Forest Mitigation Strategy: REDD

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  • Forest Mitigation Strategy: REDDC. Arcidiacono, P. Ciais, N. Viovy and N. Vuichard

    Le Laboratoire des Sciences du Climat et l'Environnement (LSCE), Gif-sur-Yvette, FranceReferences[1] FAO 2010, Forest Resource Assesment [2] FAO 2006, State of the World Forest[3] Hansen et al. 2010, PNAS 107 19 8650[4] Kurz 2010 PNAS 107 20 9025[5] Gibbs et al. 2007, Environ. Res. Lett. 2 045021[6] Houghton J. 2009, Global Warming 49 [7] Baccini et al. 2008, Environ. Res. Lett. 3 045011[8] Ramankutty et al. 2007, Glob. Ch. Biology, 51[9] Houghton R.A. 2010, Tellus (2010), 62B, 337; Tellus 55B 378; 2008 houghton/houghton.html[10]Van der Werf 2009, Nat. Geosci. 2 [11] Friedlingstein et al. 2010, Nature Geoscience 3 811812.[12] Grainger 2008, PNAS 105 2 and references therein[13] Arcidiacono-B et al. 2010, Proc. Env. Sci. in publication and references therein Figure 5. Figure 6. Figure 1. [1, 2, 3]REDD: a simple case studyPossible REDD interventions were introduced tentatively under RCP 8.5. Fig. 8. shows that REDD options could reduce significantly the rate of emissions. These are offset by mid century already for a 10% slowdown in deforestation.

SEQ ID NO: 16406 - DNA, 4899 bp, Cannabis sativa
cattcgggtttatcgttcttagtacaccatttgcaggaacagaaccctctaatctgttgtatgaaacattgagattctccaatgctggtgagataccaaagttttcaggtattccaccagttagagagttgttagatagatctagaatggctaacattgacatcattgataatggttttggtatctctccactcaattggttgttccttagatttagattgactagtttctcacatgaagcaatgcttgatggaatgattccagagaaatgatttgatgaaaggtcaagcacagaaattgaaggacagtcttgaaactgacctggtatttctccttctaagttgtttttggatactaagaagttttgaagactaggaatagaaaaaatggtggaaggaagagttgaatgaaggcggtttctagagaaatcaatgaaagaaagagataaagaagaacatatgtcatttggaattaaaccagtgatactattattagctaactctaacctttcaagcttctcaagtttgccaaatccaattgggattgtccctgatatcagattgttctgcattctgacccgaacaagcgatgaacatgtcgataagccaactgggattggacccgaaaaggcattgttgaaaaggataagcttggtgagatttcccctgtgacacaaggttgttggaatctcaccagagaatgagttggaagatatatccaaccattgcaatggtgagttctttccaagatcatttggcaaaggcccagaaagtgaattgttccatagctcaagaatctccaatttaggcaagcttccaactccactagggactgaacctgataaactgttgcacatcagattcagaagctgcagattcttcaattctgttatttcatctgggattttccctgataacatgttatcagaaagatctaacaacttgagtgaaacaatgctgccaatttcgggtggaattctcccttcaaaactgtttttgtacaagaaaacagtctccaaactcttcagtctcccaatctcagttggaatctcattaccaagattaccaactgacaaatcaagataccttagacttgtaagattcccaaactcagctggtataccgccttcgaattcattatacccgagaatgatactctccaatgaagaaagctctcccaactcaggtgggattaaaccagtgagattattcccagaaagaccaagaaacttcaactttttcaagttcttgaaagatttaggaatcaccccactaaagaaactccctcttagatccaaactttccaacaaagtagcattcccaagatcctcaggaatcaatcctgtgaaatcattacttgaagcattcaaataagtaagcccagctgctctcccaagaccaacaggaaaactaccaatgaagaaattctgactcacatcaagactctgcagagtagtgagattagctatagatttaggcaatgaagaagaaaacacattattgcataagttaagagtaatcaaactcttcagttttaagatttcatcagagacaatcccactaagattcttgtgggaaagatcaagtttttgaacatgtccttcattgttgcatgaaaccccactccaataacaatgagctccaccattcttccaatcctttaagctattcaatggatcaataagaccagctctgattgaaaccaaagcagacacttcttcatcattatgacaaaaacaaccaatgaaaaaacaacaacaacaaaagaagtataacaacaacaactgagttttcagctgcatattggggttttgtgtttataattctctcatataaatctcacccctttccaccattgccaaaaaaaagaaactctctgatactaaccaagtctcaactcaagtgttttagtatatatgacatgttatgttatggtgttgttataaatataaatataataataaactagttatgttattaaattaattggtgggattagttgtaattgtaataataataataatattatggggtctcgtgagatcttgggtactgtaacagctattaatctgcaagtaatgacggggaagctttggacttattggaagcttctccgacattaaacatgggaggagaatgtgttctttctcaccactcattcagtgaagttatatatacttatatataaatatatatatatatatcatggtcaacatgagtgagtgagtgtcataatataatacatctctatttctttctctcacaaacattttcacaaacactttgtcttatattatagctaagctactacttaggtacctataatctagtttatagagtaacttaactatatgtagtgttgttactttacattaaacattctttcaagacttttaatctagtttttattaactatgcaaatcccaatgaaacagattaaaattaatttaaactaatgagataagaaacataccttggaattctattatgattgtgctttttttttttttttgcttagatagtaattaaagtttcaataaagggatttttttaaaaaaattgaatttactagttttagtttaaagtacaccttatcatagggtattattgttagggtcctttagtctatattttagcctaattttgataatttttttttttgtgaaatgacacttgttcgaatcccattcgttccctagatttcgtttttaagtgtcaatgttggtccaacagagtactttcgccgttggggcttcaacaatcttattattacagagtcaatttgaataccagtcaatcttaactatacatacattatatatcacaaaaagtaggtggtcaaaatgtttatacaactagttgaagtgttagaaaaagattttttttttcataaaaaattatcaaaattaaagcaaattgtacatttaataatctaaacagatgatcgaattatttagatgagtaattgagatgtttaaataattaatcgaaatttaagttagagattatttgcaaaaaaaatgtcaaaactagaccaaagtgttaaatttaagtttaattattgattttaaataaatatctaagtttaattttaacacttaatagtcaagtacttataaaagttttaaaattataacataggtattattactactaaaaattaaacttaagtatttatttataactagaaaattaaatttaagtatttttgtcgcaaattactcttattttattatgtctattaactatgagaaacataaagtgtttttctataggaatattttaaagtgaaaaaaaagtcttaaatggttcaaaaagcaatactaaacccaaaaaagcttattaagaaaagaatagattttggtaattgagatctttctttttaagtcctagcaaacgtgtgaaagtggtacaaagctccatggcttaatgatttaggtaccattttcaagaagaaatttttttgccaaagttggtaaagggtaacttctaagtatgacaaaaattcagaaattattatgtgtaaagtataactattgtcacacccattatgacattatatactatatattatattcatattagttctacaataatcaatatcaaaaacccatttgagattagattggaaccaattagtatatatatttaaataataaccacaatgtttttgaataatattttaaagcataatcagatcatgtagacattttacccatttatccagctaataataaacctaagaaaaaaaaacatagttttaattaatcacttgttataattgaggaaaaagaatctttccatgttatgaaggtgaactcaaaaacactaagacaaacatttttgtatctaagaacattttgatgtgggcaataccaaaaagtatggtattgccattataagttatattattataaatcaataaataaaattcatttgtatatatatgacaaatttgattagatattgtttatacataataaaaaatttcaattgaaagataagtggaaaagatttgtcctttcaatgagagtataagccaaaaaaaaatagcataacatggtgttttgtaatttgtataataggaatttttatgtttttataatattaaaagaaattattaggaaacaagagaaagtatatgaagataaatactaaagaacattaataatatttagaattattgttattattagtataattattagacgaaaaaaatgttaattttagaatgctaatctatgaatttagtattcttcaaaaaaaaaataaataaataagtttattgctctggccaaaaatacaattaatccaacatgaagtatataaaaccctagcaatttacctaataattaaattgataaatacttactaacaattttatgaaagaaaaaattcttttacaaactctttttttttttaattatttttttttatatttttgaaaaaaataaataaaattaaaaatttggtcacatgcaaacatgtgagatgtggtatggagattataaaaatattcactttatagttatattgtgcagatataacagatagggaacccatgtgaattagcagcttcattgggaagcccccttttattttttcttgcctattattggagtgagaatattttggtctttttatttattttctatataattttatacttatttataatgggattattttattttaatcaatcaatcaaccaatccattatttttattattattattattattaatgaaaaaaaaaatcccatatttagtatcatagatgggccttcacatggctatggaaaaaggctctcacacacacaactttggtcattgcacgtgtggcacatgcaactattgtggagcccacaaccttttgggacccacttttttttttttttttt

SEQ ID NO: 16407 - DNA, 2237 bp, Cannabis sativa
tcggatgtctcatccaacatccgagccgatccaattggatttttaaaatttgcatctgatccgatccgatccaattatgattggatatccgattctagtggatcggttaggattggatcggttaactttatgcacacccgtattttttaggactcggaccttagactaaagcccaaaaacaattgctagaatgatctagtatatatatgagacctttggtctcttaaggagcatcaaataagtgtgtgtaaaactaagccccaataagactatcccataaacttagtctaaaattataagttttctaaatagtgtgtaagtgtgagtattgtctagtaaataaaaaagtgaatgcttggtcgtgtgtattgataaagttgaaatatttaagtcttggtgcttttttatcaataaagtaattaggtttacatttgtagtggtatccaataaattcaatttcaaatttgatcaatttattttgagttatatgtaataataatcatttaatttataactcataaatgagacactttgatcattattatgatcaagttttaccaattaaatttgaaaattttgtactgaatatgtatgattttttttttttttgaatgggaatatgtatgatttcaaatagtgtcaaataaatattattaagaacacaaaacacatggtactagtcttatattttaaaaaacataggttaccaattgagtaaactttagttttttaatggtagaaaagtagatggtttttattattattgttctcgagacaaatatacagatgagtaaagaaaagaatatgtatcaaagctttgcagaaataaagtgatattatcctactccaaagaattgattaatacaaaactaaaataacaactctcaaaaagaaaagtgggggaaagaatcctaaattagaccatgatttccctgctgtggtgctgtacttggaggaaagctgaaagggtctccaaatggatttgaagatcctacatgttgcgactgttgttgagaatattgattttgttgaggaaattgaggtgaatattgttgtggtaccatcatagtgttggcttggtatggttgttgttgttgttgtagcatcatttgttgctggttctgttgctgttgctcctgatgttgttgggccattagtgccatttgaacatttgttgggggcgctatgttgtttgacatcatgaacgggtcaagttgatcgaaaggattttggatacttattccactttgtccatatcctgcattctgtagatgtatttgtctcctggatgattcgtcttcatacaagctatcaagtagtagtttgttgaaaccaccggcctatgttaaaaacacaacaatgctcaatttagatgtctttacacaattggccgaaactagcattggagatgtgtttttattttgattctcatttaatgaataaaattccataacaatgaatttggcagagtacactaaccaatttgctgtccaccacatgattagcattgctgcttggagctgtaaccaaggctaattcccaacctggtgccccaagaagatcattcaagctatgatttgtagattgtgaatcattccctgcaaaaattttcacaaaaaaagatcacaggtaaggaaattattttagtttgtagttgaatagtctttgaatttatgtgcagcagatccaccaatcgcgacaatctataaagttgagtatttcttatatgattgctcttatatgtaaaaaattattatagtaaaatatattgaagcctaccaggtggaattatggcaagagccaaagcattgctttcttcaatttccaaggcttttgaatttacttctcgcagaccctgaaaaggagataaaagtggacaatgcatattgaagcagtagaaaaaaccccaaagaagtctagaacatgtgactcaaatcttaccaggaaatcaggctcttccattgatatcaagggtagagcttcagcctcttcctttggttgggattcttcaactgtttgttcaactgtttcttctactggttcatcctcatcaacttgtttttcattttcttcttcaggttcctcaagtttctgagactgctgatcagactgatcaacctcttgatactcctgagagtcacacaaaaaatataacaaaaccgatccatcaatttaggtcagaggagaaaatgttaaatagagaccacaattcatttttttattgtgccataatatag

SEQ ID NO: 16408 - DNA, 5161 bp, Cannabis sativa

A simple study is presented to analyze the future REDD contribution to the abatement of CO2 emissions as in [17]. Five main contributors countries to LUC flux were considered: Brazil, Indonesia, Republic Democratic of the Congo, Nigeria, Bolivia, and Colombia. Their total area was assumed to decline monotonically at a fixed historical rate (6 million ha yr-1) (Fig. 5). The total deforestation rate was decreased by 1%, 3%, 5%, 10%, 20%, 50% per year after the post Kyoto Protocol year, 2012. Fig. 5 shows the net changes scenarios, and Fig. 6 displays the corresponding CO2 emissions for various rates. By 2100, the cumulative LUC emission amounts to ~5 GtC in a BAU scenario. This contribution lowers by 40% to ~3 GtC at 1% slowdown, and by 60% to ~2 GtC at 3% slowdown of the total deforestation rate. Emissions are abated to ~1 GtC at both 5% and 10% slowdowns. Finally, 20%, and 50% slowdowns result in ~0.5 GtC emissions. Overall findings fall at the higher end of Poulter's results in Fig. 4.Mitigation Potential Figure 8. [18]Carbon Fluxes Trends in Forest AreaCarbon StockMapping carbon stock is difficult and gives rise to large uncertainties [5]. Around 80% of the above ground biomass (AGB), and 40% of the below ground terrestrial carbon are found in the forest vegetation and soil respectively [6]. Tropical forests store more than 320 billion tonnes of C [5]. However, no high quality field biomass measurements exist at sufficient spatial extent. Remote sensing could aid to measure directly AGB where most C lies [7]. This would represent an alternative approach to estimate CO2 emissions. Most CO2 emissions from LUC are attributed to developing countries in the tropics, ~96% [9], which might be eligible to claim REDD incentives. These incentives will depend on historical deforestation baselines. Fig. 3 shows various estimates of tropical moist forest area (106 ha) time series for 63 countries 19732010 [12, 1, 3]. As questioned by the author [12], none of these studies is reliable to infer a long-term trend (baseline) in tropical forest area if errors are taken into account. Total forest loss is attributed to deforestation in Latin America, ~60% (Brazil 48%), in Asia, 30% (Indonesia 13%), and in Africa 5% [1]. Trends in forest area in 1990-2010 are shown in Fig. 1 [1, 2, 3]. New revised data from FAO [1] are higher than before [2]. In [3], a consistent methodology through remote sensing provides for the first time the global gross cover loss of forests. REDD will greatly benefit from this latest approach, but it will also need to know the dynamics of carbon cycle in forests [4].